Safeguarding podcast – The Truth Engine with Peter Cochrane OBE

Former CTO for BT, Peter Cochrane OBE proposes “Truth Engines” as an antidote to the algorithm-driven social media world which defines the digital context in which children are immersed and in which they face a range of harms, pervading all of which is an absence or a distortion of Truth.

Can we accurately and reliably identify truths, half-truths, distortions, falsities and lies? Can we make judgment calls fast enough? Can we continuously cleanse the net? These questions and more in a fascinating discussion with one of Britain’s foremost technologists:

For those that can’t hear podcasts, there’s a lightly edited transcript below:

Neil Fairbrother

Welcome to another edition of the SafeToNet Foundation’s safeguarding podcast where we discuss all things to do with safeguarding children in the digital context. Some people claim that we are living in a post truth world and point to Trump’s presidency in the US, and to Brexit in the UK as proof points of this.

The algorithm-driven social media world defines the digital context in which children are immersed and in which they face a range of harms which had been classified into four categories by UK Kids Online and they are; Aggressive risks, Sexual risks, Values risks, and Commercial risks, and pervading all of this is an absence or a distortion of truth. Yet naive children are supposed to thrive in this toxic environment that we’ve constructed.

Technology is clearly part of the problem and technology can be used as part of the solution, and I can’t think of a better technologist to discuss this with than today’s guest who is proposing the possibility of what he calls a Truth Engine, and he is Peter Cochrane, OBE. Peter, welcome to the podcast.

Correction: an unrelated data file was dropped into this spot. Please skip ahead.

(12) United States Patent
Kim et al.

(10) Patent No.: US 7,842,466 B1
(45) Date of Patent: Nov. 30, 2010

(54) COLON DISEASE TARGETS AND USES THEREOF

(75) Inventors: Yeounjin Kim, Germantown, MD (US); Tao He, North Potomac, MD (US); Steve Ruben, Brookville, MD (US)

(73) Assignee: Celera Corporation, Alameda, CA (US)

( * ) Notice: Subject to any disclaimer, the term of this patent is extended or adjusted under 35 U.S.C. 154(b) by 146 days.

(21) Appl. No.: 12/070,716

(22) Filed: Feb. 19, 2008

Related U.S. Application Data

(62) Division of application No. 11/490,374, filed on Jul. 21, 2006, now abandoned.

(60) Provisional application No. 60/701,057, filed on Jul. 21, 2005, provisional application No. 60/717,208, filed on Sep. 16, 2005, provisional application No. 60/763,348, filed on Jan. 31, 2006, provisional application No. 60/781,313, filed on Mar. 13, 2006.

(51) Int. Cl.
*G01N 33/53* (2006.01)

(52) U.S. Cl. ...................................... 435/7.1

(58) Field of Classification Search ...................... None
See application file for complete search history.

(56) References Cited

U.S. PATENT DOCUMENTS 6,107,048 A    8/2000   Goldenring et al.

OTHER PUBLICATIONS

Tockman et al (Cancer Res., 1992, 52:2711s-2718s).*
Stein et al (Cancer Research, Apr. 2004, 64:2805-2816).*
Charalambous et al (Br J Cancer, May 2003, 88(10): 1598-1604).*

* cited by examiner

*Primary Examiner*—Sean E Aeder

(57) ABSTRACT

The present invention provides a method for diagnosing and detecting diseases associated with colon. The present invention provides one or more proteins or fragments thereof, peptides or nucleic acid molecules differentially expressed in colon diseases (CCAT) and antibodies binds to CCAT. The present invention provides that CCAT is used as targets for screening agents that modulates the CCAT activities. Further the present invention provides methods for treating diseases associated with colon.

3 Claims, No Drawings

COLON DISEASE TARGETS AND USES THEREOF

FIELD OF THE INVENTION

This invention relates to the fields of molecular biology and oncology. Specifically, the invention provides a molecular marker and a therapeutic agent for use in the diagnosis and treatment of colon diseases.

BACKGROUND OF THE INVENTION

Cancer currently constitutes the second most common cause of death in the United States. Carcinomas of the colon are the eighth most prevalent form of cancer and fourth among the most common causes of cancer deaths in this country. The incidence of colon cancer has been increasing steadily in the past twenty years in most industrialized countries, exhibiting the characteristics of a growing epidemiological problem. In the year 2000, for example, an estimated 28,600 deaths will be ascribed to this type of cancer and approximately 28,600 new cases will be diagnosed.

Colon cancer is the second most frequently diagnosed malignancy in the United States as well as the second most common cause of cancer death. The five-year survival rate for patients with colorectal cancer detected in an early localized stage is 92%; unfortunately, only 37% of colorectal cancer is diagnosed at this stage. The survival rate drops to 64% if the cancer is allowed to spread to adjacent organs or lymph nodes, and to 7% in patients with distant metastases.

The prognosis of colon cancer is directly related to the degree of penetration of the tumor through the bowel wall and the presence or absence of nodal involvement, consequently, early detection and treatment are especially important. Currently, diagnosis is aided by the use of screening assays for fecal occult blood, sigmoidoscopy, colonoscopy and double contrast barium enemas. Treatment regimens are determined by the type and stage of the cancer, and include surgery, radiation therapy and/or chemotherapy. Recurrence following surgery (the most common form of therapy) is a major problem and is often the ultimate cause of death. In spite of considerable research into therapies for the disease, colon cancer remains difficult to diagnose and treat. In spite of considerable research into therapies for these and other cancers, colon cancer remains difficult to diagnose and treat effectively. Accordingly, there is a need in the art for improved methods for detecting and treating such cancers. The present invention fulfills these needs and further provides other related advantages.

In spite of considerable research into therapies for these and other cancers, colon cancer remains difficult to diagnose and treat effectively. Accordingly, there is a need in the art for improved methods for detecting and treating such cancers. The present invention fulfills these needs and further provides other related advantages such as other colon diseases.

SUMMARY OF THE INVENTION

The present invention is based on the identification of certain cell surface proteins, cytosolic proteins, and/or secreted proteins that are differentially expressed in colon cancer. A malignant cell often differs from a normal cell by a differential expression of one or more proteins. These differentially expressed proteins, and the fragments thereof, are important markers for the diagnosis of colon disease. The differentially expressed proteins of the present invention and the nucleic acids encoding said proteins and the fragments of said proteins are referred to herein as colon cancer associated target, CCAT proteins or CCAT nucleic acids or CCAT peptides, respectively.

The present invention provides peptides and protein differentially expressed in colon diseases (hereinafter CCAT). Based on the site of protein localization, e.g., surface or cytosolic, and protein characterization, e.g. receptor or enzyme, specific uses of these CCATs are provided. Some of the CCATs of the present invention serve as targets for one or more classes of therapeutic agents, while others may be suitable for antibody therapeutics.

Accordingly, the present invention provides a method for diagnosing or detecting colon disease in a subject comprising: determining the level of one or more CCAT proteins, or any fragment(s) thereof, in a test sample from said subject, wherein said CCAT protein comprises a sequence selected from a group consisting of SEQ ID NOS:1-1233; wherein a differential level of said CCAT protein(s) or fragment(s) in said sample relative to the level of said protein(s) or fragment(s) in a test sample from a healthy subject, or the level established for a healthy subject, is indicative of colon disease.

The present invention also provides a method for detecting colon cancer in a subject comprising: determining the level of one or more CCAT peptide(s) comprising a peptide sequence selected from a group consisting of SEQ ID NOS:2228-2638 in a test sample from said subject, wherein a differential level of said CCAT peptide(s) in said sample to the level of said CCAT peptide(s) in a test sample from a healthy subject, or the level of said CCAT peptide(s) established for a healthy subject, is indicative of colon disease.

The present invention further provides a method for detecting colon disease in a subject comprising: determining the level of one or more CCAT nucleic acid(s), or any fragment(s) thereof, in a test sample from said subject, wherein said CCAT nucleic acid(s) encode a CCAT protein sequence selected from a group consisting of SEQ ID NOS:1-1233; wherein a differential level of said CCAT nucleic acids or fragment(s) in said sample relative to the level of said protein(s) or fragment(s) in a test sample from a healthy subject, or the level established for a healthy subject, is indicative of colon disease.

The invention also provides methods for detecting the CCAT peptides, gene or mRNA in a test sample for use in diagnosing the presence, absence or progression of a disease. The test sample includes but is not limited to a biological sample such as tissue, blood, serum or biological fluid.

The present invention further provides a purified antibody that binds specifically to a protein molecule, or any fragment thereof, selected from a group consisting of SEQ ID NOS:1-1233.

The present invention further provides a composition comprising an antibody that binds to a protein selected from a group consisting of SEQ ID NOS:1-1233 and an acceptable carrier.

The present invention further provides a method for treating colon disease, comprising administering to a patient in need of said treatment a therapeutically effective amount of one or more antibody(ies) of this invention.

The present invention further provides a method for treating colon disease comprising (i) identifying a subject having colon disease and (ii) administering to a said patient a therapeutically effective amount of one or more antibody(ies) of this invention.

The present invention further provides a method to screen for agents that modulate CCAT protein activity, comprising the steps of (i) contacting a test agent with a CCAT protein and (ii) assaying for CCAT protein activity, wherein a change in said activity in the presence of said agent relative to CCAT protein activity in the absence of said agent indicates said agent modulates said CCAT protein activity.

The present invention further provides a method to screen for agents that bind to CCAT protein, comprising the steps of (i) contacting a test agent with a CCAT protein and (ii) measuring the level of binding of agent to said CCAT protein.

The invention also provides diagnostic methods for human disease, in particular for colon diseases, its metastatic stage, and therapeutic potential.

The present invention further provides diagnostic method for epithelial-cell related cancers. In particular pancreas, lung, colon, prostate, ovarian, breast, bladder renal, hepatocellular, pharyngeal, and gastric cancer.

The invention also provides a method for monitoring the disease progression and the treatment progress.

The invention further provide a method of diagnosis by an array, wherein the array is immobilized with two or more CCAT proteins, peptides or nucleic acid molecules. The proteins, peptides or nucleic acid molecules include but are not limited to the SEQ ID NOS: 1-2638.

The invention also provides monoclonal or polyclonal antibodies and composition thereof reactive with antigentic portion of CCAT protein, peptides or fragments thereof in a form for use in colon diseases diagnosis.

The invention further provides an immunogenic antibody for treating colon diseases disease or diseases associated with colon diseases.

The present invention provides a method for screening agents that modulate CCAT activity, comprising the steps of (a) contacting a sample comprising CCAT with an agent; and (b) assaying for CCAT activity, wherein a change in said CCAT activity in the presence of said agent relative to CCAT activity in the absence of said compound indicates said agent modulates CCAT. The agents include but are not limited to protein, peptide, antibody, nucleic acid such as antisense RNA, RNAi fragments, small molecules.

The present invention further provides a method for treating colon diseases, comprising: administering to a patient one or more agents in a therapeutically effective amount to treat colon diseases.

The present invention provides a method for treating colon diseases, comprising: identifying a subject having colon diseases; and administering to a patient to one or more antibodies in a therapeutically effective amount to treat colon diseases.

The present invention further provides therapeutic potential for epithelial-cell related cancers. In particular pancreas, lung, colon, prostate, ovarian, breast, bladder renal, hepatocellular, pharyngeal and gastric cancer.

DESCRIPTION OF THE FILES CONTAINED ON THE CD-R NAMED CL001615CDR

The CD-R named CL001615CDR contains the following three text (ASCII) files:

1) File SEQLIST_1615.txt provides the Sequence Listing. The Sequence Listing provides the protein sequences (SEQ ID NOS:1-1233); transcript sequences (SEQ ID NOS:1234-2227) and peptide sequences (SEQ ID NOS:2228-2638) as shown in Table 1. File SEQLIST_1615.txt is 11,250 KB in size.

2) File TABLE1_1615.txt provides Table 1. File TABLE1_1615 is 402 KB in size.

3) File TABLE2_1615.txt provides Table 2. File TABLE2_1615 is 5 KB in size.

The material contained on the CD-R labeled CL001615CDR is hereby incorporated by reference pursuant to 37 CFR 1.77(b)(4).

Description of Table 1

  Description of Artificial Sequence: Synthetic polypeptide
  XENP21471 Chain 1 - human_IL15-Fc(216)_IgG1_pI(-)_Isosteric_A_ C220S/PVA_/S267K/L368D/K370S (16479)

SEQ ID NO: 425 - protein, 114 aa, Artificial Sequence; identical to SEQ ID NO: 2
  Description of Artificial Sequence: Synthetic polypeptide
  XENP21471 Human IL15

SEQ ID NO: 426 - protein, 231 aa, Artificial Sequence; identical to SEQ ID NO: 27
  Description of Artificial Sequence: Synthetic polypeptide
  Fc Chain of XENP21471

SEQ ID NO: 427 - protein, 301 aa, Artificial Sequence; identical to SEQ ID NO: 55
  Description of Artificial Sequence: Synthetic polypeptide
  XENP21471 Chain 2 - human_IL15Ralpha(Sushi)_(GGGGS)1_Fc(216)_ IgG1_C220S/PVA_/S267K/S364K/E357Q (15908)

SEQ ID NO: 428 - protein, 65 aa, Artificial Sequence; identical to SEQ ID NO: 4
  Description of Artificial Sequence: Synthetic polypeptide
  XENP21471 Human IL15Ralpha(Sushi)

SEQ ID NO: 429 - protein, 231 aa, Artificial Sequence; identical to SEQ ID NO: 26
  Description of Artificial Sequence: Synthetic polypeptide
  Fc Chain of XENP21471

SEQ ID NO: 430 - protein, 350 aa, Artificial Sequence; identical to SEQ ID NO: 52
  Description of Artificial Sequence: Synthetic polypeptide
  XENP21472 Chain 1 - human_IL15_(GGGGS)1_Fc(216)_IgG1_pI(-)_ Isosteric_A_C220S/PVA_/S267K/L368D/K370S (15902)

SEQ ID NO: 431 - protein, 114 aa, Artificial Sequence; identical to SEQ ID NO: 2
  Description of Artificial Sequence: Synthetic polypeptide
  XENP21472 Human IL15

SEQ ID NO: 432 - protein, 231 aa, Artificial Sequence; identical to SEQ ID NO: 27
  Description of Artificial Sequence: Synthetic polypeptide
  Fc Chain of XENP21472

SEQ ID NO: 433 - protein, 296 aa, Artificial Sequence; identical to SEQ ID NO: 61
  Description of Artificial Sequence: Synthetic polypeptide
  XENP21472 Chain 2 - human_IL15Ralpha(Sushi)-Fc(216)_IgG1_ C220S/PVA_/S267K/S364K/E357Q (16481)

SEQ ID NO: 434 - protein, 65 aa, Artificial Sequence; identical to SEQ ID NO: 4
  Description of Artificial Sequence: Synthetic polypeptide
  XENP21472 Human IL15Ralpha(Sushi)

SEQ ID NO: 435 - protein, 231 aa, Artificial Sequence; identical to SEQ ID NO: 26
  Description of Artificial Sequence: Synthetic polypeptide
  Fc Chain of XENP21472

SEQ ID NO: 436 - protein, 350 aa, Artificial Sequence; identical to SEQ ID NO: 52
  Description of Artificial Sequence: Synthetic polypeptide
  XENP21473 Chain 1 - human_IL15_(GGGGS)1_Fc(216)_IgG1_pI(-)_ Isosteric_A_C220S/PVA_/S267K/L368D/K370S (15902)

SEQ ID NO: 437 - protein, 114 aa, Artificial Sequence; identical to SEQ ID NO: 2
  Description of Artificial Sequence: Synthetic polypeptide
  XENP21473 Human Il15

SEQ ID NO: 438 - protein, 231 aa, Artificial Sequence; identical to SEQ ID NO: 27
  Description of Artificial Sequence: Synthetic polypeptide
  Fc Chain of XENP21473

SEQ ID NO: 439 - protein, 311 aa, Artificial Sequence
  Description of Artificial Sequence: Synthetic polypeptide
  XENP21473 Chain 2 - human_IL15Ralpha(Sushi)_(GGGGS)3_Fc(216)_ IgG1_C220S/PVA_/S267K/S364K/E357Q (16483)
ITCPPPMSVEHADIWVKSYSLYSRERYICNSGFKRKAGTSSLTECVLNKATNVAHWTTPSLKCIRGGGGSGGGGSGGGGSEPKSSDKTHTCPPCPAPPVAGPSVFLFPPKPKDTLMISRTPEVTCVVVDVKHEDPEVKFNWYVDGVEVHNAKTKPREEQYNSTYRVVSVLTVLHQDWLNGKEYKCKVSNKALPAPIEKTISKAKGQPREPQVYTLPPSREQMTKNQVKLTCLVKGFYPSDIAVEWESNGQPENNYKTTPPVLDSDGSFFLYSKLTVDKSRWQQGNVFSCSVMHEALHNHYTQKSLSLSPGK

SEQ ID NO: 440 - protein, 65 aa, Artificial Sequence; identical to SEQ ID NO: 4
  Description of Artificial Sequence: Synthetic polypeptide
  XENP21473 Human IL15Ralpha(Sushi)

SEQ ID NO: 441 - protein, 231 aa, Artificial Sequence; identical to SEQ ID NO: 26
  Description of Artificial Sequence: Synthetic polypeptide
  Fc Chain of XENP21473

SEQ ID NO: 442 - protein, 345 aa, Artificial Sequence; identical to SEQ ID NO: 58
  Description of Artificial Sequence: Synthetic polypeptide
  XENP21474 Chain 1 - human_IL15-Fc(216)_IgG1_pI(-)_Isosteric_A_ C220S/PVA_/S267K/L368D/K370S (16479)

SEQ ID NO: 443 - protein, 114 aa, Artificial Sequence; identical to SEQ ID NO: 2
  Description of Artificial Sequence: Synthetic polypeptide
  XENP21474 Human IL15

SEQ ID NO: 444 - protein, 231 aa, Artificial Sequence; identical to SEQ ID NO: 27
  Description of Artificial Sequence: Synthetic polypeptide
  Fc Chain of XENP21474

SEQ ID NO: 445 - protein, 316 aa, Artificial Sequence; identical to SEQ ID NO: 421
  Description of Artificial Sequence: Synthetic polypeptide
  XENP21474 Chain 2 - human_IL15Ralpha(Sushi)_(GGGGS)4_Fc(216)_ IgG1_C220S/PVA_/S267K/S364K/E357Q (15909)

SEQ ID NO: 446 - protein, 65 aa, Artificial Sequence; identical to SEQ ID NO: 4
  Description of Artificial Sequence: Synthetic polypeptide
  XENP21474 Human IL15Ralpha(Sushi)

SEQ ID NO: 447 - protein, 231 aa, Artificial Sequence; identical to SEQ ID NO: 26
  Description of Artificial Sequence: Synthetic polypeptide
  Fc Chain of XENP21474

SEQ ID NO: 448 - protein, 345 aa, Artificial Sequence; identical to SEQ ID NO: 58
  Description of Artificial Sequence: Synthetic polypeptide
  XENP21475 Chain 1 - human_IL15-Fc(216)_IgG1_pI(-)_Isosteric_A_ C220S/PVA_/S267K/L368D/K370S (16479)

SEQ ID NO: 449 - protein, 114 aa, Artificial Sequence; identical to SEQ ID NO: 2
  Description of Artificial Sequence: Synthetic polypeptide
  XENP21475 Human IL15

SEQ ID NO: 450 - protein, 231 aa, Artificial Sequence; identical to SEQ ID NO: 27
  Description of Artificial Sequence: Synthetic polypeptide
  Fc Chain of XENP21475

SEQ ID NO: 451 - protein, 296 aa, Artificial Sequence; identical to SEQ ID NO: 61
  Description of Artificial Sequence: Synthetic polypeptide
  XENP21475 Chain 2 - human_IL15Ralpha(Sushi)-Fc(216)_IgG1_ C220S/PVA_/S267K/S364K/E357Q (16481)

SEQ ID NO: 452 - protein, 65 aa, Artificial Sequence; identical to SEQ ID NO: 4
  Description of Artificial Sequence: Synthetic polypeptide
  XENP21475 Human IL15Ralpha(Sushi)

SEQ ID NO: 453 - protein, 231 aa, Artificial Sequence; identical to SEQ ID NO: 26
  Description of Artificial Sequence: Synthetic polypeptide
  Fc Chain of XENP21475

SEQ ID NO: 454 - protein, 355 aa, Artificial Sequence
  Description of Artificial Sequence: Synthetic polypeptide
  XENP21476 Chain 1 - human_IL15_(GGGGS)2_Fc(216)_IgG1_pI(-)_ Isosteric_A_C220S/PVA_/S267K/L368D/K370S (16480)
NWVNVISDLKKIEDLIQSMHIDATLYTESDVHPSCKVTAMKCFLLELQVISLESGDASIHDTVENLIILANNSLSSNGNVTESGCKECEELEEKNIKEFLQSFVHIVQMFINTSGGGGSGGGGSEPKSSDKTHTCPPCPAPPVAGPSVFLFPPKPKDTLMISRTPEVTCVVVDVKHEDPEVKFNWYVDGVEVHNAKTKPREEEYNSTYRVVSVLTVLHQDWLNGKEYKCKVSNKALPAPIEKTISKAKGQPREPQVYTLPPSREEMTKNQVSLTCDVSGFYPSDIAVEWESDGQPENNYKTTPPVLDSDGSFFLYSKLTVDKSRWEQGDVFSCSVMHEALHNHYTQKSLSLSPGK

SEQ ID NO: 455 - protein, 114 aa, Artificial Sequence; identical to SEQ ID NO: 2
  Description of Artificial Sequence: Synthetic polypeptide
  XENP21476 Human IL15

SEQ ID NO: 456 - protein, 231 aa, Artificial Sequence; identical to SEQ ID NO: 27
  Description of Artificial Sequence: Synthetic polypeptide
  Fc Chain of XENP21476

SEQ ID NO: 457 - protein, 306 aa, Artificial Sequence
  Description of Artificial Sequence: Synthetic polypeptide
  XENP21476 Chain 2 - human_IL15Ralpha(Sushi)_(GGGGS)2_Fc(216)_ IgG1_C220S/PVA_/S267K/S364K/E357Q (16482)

So Peter, can you provide a brief resume of your outstanding CV so that our audience has a context about your background and your experience?

Peter Cochrane OBE

Oh, sure. I was very ill at the age of 11 and I was confined to bed for about six weeks and at that point I got into technology and by the age of 15, I had a huge collection of World War Two surplus radios that I hacked about and I built transmitters and things. I became a radio Ham, radio control, hi-fi. I built everything. I worked in a radio and TV shop. I dug holes in the road for the GPO, became a lineman and I did all sorts of jobs to do with maintenance of electromechanical switches and sort of stumbled into university at the age of 22. Did a five year first degree, came out with a first class honours degree in Electrical Engineering, came down to BT’s research labs, and I was writing machine code and building test equipment and I sort of slid upwards in the organization taking on more and more responsibility.